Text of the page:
What are the biggest risks involving ED handoffs?
What are the biggest risks involving ED handoffs?
The electrocardiogram (ECG) and X-ray of a chest pain patient in his mid-50s were both normal when examined by the treating ED physician. However, the physician's shift ended before the patient's lab results were back. Based on the test results that were back, the oncoming ED physician discharged the patient as "chest pain, non-cardiac." Several hours later, the lab results came back with critical values.
"At that time, the patient was just arriving at another hospital and was pronounced dead from a heart attack," says Stephen A. Frew, JD, vice president and risk consultant with Johnson Insurance Services, a Madison, WI-based company specializing in risk management for health care professionals. The discharging ED physician and the original hospital were cited for violations of the Emergency Medical Treatment and Labor Act (EMTALA), for discharging the patient without completing necessary testing and inadequate medical screening.
In another "handoff" lawsuit, a 38-year-old man with extreme, radiating pain in his back was evaluated by an ED physician who found no neurological involvement and diagnosed back pain. The patient was discharged with pain medications and instructions to apply ice. Before he left the hospital, the plaintiff screamed out in pain, said that he could no longer feel his legs, and said he had lost bladder control.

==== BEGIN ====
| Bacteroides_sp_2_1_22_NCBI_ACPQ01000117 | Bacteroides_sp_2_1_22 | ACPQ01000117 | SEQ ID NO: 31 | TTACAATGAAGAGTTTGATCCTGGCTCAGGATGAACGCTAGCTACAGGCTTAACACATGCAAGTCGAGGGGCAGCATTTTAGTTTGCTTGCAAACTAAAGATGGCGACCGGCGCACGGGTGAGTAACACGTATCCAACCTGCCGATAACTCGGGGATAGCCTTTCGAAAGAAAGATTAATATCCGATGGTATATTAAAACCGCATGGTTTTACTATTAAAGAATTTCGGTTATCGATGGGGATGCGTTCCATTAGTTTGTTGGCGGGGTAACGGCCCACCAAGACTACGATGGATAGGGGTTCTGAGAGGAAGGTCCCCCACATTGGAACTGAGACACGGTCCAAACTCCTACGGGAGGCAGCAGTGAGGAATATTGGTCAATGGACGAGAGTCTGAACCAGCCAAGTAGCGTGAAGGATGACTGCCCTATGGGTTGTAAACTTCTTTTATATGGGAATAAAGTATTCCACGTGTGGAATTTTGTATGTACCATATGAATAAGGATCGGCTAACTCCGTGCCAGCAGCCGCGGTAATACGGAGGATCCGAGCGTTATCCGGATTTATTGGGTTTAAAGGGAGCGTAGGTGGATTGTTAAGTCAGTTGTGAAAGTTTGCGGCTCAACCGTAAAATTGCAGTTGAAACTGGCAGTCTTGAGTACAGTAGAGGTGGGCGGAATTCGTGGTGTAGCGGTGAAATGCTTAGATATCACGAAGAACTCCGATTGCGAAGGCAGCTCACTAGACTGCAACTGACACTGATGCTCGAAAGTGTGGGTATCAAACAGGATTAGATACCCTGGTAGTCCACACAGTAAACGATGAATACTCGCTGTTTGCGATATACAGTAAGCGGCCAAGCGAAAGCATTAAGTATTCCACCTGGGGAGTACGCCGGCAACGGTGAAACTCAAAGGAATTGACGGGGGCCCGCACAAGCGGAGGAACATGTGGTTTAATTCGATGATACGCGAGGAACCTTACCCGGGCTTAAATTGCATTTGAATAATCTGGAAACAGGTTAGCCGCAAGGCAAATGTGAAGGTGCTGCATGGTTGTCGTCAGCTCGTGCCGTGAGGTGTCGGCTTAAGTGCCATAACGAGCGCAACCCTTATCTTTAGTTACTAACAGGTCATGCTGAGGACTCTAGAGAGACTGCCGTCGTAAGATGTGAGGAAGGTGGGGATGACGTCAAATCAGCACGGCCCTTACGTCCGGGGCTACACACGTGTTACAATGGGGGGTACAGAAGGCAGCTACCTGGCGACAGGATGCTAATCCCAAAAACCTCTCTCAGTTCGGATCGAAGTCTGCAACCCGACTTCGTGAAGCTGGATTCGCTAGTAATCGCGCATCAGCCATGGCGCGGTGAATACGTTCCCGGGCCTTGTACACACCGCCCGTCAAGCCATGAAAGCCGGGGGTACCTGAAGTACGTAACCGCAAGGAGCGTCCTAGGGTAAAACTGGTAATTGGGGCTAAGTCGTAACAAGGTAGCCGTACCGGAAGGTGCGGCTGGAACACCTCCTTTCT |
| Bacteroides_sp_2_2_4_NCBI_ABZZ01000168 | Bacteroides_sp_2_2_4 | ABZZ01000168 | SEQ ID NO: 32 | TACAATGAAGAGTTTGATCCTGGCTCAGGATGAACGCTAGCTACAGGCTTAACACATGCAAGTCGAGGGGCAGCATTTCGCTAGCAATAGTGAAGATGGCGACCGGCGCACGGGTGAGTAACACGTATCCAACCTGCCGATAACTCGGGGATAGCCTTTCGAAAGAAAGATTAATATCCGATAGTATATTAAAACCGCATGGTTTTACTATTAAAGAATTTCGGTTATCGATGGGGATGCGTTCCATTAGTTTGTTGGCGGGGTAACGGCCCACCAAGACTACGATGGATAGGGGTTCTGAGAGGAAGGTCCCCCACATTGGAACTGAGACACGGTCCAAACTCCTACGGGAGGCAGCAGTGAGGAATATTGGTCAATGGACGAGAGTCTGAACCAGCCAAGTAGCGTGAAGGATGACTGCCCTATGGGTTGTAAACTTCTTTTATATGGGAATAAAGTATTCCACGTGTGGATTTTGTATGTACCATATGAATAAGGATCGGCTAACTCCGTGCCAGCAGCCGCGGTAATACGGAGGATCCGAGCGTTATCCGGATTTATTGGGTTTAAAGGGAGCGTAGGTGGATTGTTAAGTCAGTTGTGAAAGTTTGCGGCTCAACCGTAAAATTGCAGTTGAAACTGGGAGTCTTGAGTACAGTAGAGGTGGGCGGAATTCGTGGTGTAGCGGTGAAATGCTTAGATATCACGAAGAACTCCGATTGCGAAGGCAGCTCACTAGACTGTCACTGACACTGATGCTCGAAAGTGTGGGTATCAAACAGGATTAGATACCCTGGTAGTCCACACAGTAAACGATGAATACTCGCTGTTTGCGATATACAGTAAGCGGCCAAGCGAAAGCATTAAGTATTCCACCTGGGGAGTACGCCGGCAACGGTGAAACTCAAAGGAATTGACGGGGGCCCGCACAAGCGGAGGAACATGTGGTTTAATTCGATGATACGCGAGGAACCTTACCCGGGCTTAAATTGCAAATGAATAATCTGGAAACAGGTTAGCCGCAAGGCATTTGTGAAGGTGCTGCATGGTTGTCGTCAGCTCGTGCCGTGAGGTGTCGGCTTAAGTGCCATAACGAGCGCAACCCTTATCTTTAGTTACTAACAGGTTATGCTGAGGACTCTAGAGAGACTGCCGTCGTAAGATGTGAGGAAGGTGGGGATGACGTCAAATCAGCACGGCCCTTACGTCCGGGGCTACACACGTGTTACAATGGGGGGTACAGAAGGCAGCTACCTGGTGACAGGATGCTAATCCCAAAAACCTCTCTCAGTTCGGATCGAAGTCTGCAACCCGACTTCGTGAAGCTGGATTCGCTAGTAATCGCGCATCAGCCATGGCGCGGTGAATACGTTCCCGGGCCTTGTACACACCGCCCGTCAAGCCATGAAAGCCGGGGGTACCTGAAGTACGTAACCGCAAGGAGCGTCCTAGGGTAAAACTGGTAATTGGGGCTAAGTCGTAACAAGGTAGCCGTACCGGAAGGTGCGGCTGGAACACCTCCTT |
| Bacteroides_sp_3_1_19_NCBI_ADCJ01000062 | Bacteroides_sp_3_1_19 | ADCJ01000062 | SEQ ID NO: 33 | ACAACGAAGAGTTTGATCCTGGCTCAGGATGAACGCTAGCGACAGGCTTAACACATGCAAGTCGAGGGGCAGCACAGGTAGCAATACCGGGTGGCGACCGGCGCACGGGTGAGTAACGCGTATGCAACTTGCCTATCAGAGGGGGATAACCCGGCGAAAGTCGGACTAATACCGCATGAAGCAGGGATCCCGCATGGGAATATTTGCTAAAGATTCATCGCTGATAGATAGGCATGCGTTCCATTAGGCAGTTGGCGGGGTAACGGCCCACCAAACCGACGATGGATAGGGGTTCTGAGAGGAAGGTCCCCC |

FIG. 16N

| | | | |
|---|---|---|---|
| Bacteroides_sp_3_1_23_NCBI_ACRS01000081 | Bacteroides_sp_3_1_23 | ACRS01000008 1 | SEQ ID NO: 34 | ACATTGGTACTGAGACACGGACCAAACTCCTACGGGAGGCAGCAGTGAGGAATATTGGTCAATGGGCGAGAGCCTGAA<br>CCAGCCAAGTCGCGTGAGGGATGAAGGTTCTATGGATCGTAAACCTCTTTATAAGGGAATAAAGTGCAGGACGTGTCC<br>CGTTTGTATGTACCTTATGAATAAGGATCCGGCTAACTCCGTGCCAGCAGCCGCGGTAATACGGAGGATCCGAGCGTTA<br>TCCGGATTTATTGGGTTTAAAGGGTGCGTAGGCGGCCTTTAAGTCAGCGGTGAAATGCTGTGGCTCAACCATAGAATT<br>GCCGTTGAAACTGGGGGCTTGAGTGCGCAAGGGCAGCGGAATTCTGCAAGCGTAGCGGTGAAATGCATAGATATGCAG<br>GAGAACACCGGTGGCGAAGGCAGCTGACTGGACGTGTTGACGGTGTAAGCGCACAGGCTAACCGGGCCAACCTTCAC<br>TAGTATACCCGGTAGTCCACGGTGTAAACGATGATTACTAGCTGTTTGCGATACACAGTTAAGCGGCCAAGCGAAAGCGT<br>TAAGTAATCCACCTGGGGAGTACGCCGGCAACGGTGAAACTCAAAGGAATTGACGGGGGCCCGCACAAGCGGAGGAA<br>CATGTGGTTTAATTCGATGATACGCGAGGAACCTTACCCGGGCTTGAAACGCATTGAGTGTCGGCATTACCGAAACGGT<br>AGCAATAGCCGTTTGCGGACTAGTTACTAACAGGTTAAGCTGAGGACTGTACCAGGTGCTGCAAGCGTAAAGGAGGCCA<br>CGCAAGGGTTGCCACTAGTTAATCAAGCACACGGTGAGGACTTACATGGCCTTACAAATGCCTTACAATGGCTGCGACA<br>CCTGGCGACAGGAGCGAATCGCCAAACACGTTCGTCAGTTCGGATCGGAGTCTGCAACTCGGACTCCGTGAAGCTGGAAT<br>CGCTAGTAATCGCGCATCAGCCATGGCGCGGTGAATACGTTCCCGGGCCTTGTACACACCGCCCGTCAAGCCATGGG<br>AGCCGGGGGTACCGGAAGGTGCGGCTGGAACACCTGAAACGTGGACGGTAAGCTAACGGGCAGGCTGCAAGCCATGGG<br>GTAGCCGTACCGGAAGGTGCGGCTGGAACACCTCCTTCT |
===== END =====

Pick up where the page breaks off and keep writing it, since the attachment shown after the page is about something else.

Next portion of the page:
The ED nurses alerted the ED physician, who had just come on duty. "The new physician reviewed the first physician's notes, agreed with her assessment, and refused to see the plaintiff," says Frew. The patient went to another hospital where he was diagnosed with cauda equina syndrome and had back surgery. He was left with permanent bowel and bladder incontinence. The emergency physician and surgeon settled the malpractice claims prior to trial. The jury found $2.7 million in damages and apportioned 7% liability to nursing actions.
A dangerous time
In the ED, the patient handoff at change of shift is "one of the most dangerous times for a patient," according to Wayne Guerra, MD, MBA, vice president of Serio Physician Management, a Littleton, CO-based company that provides management services to hospital-based physicians and hospitals. "The normal vigilance of the physician assuming care is relaxed, since the patient has already been evaluated by another doctor," says Guerra.